The year 2022 has so far seen a mixed picture for the stainless steel and superalloy scrap sector but, generally, recyclers continue to benefit from the global economic upturn as the pandemic eases.
Even so, in Europe, according to industry insiders, the year started with lower order intakes for leading stainless steel flat producers, partly because of the continuing negative effect of the pandemic on the supply chain. At the same time, there have been significant increases in production of stainless steel.
The sentiment is expressed by Joost van Kleef, commercial director of Oryx Stainless and chairman of the BIR stainless steel and special alloys committee, in BIR’s latest Mirror quarterly report.
Van Kleef says other negative factors include an increase in imports of stainless finished goods for a fifth consecutive month, price levels for finished goods in the Far East being well below European market levels, and stocks of finished goods in Germany reaching new highs.
‘Sentiment has changed from the beginning of the year and further developments need to be analysed carefully,’ he says. ‘Ferrous scrap prices have somewhat stabilised while ferro-chrome values are expected to be reduced by the end of March as the differentials to other core markets such as India and China are too wide.’
In the US, higher prices and inflation nearing its highest level in 40 years have had a pronounced impact in the commodities space with mixed implications for US recyclers, according to committee member Doug Kramer, president of Spectrum Alloys.
‘While prices for nickel and stainless steel scrap have been on the increase, thus boosting recyclers’ revenues, energy prices are also elevated and have therefore raised operating and transportation costs,’ he says in the Mirror. ‘Transportation bottlenecks continue to act as a drag on firms’ ability to get material to domestic and overseas customers in a timely manner.’
Kramer notes that although the value of US stainless steel scrap exports increased 24% in 2021 to more than US$ 340 million (EUR 300 million), the volume of overseas stainless scrap shipments declined 3% to 304 000 tonnes, according to Census Bureau trade data. Shipping obstacles and reduced demand from Taiwan more than offset improved demand from markets including India, Mexico and Canada.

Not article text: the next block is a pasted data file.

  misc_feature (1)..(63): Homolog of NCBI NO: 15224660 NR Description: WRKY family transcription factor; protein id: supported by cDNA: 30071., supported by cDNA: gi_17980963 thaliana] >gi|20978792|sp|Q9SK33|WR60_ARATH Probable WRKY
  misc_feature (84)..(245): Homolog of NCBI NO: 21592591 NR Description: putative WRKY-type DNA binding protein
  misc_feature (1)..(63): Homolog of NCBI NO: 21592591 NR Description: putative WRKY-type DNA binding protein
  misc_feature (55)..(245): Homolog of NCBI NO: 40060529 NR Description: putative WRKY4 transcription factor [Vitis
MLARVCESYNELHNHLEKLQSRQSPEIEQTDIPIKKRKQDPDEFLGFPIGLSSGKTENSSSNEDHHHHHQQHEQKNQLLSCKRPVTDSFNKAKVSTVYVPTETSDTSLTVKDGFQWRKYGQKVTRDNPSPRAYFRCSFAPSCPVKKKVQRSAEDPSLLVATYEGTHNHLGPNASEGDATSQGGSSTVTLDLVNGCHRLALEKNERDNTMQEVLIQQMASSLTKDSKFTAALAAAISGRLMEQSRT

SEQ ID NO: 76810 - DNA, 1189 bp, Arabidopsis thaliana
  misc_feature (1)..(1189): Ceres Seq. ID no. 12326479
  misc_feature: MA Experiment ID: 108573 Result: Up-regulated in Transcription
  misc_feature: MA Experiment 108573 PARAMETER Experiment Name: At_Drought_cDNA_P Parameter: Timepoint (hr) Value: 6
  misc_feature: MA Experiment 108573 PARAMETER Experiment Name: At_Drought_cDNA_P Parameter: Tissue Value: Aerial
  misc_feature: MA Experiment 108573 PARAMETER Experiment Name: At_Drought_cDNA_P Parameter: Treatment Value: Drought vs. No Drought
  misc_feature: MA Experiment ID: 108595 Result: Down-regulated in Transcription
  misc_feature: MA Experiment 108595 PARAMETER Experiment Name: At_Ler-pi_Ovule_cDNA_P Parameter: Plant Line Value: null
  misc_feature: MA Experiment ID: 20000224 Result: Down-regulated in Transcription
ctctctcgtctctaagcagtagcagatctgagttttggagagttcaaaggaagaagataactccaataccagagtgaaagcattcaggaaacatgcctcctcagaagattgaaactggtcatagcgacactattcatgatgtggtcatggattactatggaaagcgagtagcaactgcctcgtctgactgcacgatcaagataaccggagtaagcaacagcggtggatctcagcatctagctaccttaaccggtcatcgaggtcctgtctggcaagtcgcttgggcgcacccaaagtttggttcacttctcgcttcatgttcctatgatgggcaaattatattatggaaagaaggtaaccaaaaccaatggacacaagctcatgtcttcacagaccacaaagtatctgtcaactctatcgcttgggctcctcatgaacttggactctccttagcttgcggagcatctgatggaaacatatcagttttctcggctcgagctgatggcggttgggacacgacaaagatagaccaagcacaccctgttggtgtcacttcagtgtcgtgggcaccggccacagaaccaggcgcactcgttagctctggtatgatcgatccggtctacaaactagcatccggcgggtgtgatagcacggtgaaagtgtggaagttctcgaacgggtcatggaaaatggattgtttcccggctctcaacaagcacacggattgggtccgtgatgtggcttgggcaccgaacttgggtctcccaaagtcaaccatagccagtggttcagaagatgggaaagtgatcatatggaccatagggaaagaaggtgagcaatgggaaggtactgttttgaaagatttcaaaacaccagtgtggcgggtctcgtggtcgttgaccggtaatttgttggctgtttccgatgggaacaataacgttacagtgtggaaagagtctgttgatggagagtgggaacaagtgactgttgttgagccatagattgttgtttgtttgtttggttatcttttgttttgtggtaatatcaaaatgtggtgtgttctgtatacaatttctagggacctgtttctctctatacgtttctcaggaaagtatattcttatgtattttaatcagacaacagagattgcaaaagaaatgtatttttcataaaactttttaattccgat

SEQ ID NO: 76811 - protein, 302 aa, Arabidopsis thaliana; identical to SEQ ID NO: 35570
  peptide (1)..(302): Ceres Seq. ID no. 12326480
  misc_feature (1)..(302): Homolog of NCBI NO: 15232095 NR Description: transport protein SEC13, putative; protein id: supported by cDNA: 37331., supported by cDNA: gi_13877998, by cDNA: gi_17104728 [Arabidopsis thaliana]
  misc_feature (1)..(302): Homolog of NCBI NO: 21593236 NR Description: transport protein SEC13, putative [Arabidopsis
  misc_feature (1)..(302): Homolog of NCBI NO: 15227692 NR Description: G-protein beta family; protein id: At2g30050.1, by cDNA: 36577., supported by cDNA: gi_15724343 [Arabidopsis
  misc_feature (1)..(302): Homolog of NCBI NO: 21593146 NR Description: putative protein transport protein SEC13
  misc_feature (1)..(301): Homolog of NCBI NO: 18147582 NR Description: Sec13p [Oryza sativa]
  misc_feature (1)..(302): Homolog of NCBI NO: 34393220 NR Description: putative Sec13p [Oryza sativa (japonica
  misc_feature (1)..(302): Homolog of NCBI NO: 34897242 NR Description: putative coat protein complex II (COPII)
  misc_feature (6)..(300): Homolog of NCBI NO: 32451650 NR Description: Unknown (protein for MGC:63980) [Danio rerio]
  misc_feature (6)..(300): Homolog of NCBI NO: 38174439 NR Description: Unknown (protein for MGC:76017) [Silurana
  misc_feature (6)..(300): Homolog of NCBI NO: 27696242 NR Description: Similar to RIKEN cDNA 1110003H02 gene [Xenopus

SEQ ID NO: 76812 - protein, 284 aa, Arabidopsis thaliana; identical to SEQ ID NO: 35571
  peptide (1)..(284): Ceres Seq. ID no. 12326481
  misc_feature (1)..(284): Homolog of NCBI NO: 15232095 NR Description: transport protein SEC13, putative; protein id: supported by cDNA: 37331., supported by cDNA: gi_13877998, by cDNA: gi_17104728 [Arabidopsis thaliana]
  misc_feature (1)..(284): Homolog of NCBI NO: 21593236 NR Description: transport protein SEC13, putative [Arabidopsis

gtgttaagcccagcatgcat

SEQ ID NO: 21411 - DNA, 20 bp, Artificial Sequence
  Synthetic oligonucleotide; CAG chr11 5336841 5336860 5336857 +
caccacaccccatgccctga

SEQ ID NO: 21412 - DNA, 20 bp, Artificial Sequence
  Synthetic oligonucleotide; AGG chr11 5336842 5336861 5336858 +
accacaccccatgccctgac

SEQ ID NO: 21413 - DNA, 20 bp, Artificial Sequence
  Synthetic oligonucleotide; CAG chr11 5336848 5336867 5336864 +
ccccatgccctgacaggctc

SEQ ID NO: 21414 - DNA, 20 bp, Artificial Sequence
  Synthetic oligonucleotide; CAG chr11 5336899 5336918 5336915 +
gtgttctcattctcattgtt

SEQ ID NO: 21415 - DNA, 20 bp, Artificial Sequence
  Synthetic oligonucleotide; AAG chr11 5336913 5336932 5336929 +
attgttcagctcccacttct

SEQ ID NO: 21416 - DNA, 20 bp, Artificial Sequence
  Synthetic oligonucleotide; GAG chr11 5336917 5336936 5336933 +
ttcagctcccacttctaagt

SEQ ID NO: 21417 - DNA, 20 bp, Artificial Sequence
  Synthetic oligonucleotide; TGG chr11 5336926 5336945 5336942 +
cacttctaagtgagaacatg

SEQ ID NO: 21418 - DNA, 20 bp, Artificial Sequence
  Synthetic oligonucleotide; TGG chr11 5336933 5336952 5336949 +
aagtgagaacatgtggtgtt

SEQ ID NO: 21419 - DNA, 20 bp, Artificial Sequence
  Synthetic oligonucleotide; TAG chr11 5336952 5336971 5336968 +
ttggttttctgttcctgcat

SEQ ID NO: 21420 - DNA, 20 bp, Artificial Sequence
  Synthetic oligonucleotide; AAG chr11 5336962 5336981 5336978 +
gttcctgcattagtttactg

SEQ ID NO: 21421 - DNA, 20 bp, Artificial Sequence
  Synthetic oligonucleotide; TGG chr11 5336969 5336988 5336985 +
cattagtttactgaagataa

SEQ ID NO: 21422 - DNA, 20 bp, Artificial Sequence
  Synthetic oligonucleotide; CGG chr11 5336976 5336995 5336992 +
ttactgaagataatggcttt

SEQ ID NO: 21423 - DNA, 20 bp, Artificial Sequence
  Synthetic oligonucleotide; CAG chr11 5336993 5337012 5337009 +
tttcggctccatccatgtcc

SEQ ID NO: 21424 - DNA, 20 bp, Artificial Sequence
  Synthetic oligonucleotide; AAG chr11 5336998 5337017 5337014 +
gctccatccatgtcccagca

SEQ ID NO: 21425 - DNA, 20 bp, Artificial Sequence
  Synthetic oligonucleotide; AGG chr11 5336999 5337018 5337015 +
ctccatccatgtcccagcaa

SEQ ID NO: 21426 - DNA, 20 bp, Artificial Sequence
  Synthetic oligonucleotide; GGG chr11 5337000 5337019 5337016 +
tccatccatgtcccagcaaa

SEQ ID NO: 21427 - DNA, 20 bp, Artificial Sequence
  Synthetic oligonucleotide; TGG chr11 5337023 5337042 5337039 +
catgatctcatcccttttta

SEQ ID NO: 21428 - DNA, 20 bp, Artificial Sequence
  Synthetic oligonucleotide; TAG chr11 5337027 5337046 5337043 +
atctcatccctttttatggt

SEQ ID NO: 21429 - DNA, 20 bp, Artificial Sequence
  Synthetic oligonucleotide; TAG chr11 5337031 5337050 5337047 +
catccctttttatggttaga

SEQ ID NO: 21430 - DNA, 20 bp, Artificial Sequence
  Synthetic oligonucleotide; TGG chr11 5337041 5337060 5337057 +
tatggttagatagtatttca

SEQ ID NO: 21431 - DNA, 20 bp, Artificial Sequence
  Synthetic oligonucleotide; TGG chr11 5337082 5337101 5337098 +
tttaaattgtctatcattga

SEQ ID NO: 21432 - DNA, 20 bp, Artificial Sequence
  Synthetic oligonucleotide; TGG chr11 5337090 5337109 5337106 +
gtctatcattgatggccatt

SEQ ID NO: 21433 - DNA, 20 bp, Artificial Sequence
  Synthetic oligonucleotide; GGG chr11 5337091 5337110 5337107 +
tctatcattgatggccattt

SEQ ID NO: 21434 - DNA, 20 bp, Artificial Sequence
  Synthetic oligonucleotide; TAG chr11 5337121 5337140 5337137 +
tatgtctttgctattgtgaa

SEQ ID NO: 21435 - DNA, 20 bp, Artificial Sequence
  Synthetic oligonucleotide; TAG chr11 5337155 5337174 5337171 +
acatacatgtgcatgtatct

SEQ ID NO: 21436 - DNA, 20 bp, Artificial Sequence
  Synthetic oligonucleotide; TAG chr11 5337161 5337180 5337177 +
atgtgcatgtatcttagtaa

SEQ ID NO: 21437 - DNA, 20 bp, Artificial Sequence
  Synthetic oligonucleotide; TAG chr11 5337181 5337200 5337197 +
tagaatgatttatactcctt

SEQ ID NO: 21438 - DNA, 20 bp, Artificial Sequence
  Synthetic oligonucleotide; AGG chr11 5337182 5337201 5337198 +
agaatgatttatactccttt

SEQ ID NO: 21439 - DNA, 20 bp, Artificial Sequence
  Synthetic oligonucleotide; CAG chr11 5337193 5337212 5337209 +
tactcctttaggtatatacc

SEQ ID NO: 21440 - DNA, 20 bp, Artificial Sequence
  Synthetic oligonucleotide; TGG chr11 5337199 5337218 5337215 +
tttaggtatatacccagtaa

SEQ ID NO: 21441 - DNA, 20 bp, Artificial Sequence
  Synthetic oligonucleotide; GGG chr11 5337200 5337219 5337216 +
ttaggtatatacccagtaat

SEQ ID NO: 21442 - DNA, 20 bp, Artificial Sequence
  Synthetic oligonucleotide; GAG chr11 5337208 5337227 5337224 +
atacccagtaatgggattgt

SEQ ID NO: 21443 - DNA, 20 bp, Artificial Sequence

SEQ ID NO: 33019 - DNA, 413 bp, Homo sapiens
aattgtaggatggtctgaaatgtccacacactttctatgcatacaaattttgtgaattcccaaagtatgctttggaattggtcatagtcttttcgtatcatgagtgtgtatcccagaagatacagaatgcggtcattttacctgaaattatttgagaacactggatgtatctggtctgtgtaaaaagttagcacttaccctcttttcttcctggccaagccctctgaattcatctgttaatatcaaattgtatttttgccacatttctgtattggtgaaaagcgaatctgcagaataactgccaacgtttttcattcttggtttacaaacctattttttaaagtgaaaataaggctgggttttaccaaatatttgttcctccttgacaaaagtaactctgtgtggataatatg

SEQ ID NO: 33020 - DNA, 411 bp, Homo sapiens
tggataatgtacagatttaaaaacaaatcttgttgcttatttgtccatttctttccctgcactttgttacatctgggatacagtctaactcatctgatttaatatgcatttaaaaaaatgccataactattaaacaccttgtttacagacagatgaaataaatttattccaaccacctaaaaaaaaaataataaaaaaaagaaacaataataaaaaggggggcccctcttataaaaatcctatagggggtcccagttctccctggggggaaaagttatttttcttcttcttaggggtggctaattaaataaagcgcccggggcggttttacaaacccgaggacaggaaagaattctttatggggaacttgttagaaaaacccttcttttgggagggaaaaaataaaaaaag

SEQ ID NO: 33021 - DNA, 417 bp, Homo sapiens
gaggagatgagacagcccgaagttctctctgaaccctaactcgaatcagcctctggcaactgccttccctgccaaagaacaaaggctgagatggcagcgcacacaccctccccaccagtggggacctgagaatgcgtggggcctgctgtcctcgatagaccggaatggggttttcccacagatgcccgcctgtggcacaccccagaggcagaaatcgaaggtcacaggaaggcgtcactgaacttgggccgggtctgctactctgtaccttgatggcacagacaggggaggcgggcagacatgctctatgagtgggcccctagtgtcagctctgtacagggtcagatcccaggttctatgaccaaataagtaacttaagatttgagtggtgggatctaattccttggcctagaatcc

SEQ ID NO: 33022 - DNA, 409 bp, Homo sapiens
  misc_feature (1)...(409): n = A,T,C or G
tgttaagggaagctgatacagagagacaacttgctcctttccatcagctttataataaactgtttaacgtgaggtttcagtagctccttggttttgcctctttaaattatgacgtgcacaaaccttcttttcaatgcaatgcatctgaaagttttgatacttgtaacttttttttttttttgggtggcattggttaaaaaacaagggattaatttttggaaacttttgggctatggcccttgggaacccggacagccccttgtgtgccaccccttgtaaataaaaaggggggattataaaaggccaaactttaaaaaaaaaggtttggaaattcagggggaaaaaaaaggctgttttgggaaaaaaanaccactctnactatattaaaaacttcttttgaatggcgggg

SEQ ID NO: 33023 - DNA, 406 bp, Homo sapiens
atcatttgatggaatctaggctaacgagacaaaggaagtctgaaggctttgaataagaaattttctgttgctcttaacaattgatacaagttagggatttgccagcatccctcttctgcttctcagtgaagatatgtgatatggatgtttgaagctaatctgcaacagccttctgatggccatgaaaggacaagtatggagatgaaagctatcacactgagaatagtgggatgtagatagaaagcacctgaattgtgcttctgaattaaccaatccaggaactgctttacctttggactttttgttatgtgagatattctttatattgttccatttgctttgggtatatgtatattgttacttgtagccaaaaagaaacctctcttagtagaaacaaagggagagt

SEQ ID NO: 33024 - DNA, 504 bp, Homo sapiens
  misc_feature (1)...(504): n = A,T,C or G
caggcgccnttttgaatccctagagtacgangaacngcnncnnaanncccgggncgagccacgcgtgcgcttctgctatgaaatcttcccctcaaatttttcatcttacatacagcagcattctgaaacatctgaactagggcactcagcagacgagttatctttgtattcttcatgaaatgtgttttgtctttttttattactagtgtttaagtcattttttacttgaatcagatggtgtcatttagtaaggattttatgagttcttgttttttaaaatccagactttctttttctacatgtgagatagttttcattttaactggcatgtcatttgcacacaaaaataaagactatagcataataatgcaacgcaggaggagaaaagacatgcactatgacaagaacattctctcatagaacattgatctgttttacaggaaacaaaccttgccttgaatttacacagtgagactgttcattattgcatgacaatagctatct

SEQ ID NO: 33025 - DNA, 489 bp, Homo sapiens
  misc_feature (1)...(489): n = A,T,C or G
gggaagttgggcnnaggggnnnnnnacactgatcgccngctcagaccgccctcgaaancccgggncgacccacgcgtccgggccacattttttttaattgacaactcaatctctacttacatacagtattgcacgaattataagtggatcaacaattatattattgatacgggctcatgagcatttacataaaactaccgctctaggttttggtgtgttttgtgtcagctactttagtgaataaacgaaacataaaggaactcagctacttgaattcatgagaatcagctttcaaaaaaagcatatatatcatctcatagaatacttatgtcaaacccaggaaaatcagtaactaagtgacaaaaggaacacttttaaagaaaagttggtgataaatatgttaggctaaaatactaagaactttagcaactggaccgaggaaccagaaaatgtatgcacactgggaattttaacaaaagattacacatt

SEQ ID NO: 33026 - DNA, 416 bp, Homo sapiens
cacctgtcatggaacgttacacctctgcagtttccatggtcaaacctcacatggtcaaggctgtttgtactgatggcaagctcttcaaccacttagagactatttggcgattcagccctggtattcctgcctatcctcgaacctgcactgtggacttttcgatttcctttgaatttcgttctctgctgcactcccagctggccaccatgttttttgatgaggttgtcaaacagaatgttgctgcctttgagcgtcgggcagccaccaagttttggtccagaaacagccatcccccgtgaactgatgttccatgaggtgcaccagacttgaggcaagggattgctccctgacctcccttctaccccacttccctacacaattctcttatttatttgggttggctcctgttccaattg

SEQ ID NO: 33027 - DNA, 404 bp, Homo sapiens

The market situation in Asia is very similar to how it was in the fourth quarter of 2021, according to the Mirror. With low demand from China, prices are lagging far behind those in the USA and Europe. Indonesia, meanwhile, has been forced to seek alternative outlets to China, resulting in stainless hot coils and nickel pig iron switching to other Asian countries, notably Taiwan.
Taiwan is currently importing approximately 100 000 tonnes of stainless hot coils from Indonesia each month compared to the 2021 average of 80 000 tonnes. According to BIR committee member Vegas Yang, stainless scrap demand in China has been ‘twitchy’ and coil prices have gone up and down ‘like a yoyo’.
He goes on: ‘Japanese demand for stainless scrap was strong in the fourth quarter of 2021 but the brake was applied a little in early 2022. For the first time in five years, Japan imported more stainless scrap than it exported in 2021 but it remains to be seen whether this trend will continue.’
Vegas adds that weak scrap import demand from India could continue throughout the first quarter of 2022. ‘Imports of ferro-nickel are continuing as usual but with some signs of slowing as they have been hit hard mainly by the non-availability of containers.’
Fellow committee member Uwe Dierkes, managing director of Siegfried Jacob Metallwerke, notes that demand for superalloy scrap has made further gains while not yet fully back to pre-pandemic levels. Oil and gas sectors remain strong while the aerospace industry has boosted demand to a limited extent.
Dirkes says the electric vehicle (EV) sector has established itself as a key driver of the cobalt market and use of the metal by the battery sector is expected to increase by around 30% in 2022.
‘Prices remained buoyant throughout the fourth quarter largely as a result of supply constraints but were also underpinned by restocking demand and EV market requirements. In short, the physical demand is there and has bolstered pricing.’
He also notes an increase in commodity pricing coupled with an upturn in demand for molybdenum from scrap.
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